Oh, Tammy. I feel so bad. And you have NOT failed!!! You are one of the best, most conscientious dog owners i know! Whatever happens, it is NOT your fault!!!
I wouldn't let my husband bully me into not attending to my animal's needs, but I also know that's hard to do. (like Evelyn, I've had a lot more years to practice standing up for myself!
). And the timing COULDN'T be worse, but that tends to be the case with these things, whether it's kids or animals. I've spent holidays in cold barns with colicking horses and mares having trouble foaling.
That said, I DON'T think Tillies's problem is acute, and it's going to take some time to sort out. Could you call your regular vet, explain the symptoms (just like last time) and ask if, under the circumstances, you could pick up another round of antibiotics (or whatever she was on before) to get her started on.
Then, after Christmas, I'd see if I could find a good holistic vet in the area, who can look at the WHOLE picture. If that person is experienced with Havanese, so much the better. I'd also ask that vet if they have a trainer they could recommend who cna also look at the whole situation and help figure it out.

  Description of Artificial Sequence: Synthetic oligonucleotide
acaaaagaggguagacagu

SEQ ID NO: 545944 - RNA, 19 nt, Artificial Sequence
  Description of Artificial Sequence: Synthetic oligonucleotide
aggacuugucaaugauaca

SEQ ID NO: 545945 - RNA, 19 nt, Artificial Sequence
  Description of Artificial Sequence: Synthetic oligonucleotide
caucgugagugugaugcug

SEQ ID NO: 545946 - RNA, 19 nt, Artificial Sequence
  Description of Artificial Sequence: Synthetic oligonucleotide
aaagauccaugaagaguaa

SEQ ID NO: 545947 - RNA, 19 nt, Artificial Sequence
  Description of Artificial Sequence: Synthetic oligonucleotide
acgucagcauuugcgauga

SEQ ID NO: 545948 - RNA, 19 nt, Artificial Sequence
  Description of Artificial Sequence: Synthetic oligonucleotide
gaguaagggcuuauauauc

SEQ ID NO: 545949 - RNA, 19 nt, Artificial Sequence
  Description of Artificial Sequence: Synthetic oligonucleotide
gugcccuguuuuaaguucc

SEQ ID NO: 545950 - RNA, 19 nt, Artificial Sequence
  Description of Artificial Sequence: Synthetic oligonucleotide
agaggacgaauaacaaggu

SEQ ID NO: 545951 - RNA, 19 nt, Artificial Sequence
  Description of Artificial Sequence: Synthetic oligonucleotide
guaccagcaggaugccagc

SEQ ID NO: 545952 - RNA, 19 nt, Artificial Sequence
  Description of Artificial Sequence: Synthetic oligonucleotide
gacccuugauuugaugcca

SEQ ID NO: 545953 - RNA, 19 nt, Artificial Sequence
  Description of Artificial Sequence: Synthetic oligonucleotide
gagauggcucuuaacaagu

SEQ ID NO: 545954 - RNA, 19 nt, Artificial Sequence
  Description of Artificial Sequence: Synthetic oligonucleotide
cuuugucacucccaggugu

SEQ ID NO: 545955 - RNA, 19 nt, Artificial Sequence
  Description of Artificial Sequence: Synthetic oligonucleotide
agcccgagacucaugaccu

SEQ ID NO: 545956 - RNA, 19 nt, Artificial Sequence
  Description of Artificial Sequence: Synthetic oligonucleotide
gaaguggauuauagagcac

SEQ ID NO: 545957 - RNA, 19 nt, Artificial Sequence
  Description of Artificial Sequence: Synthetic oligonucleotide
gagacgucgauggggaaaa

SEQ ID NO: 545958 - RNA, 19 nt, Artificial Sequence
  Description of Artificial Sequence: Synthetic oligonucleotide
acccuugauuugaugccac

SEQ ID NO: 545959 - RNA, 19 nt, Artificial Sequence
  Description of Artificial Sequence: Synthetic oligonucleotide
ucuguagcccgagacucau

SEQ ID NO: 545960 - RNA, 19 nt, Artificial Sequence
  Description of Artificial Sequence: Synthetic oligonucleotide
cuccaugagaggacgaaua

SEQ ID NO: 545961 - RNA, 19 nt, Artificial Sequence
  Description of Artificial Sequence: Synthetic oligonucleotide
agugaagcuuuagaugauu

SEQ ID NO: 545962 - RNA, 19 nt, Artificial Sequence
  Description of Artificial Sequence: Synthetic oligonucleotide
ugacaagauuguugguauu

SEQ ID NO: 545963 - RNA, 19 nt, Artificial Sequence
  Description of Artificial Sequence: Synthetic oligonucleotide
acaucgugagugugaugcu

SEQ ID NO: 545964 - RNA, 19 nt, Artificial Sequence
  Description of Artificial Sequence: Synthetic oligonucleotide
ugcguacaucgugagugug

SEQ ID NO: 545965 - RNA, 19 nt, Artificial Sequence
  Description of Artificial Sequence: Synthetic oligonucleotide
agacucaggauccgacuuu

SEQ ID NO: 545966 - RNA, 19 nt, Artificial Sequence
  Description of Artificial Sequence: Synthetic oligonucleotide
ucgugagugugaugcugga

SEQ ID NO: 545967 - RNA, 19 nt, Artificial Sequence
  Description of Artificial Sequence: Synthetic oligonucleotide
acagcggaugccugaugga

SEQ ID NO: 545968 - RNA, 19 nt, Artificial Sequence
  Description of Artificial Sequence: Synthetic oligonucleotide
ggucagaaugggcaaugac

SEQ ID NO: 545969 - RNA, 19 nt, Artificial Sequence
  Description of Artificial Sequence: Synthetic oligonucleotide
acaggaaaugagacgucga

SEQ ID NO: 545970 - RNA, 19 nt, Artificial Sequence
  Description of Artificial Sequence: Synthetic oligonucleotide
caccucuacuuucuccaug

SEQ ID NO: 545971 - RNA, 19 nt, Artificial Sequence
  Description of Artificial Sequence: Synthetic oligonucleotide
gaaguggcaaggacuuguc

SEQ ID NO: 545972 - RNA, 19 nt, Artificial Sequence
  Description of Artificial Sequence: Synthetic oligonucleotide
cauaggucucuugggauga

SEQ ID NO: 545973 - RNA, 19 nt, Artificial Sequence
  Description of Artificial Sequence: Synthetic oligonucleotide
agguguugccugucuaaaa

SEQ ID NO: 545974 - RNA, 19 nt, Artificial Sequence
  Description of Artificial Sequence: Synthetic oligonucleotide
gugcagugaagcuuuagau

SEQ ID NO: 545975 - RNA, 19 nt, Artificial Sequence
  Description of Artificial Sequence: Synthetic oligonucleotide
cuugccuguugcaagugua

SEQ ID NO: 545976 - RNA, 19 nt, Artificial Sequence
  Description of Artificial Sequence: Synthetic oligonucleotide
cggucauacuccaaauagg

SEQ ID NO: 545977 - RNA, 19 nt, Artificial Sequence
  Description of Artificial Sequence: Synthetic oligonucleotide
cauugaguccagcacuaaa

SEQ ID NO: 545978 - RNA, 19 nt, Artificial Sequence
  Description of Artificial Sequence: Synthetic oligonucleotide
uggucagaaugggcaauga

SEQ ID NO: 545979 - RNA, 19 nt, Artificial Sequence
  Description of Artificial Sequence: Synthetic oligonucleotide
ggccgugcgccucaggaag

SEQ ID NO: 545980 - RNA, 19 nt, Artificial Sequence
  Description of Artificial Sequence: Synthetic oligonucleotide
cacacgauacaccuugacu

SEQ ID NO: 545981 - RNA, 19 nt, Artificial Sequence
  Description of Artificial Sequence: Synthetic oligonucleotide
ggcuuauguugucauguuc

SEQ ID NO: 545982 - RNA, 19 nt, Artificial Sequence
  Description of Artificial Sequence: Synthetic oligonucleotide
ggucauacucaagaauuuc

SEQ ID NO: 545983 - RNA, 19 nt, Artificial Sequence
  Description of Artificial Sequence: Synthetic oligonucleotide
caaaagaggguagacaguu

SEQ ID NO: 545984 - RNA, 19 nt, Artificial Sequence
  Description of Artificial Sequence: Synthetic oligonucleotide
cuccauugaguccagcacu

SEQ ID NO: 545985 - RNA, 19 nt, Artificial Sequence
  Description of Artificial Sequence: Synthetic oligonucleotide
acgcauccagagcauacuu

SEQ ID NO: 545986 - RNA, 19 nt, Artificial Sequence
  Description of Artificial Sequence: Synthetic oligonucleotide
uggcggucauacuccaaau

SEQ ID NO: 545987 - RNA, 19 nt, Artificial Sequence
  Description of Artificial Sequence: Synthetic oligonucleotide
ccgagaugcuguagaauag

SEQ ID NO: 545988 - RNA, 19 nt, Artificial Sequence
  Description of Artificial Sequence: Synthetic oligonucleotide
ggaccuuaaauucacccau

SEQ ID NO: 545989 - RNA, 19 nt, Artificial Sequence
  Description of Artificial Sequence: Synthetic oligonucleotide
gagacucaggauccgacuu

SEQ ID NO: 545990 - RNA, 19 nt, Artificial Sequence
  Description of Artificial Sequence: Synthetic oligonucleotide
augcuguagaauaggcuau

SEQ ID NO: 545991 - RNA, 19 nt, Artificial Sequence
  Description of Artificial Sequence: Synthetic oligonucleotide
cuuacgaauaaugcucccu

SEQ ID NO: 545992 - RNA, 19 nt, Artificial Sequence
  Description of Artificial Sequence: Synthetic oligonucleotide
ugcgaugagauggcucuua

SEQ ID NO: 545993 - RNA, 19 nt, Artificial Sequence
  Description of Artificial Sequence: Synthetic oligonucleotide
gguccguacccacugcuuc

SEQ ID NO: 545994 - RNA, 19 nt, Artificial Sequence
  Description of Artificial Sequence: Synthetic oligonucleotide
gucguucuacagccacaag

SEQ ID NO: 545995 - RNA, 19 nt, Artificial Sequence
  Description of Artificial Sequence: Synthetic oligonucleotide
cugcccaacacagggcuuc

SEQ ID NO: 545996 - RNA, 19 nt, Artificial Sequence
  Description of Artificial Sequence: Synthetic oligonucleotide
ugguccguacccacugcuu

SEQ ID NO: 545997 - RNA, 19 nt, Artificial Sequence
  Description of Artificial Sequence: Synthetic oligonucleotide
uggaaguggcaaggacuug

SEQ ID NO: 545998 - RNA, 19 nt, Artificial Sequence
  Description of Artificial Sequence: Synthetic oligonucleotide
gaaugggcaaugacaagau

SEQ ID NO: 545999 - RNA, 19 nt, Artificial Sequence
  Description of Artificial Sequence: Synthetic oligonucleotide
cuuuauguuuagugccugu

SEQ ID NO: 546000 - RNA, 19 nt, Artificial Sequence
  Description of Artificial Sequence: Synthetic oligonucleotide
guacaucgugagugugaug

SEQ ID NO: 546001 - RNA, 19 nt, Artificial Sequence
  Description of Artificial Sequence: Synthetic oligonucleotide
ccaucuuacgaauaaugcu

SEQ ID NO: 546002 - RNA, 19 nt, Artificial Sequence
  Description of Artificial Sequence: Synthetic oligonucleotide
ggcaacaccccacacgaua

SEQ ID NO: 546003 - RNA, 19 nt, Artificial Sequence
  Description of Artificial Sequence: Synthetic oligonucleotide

The problem is that whether the root cause is physical or behavioral, there are serious behavioral aspects to it at the moment. And sometimes things that start out as physical problems can become ingrained behaioral problems unless they are approached from both angles. Certainly, I wouldn't let her NEAR the bedrooms without close supervision for a long, LONG time at this point. (I'm talking months to a year, here... You've really got to TOTALLY prevent that behavior, and let her start building positive experiences again.
Another resource that I haven't heard you mention is Tillie's breeder. Have you contacted her? Breeders know the dogs in their lines. She might know of another dog that developed similar problems, or be able to give you some insight into how best to approach the problem.
In any case, you ar NOT a bad person, and Tillie is NOT a bad dog. You need to remind DH that Tillie is a member of the family, and her needs have to be considered too. Just as it is expensive to buy a nice dog, there are also expenses (often completely unforeseen) that can come up once you have an animal. He needs to understand that, and at least not get in your way when you are trying so hard to figure out a solution.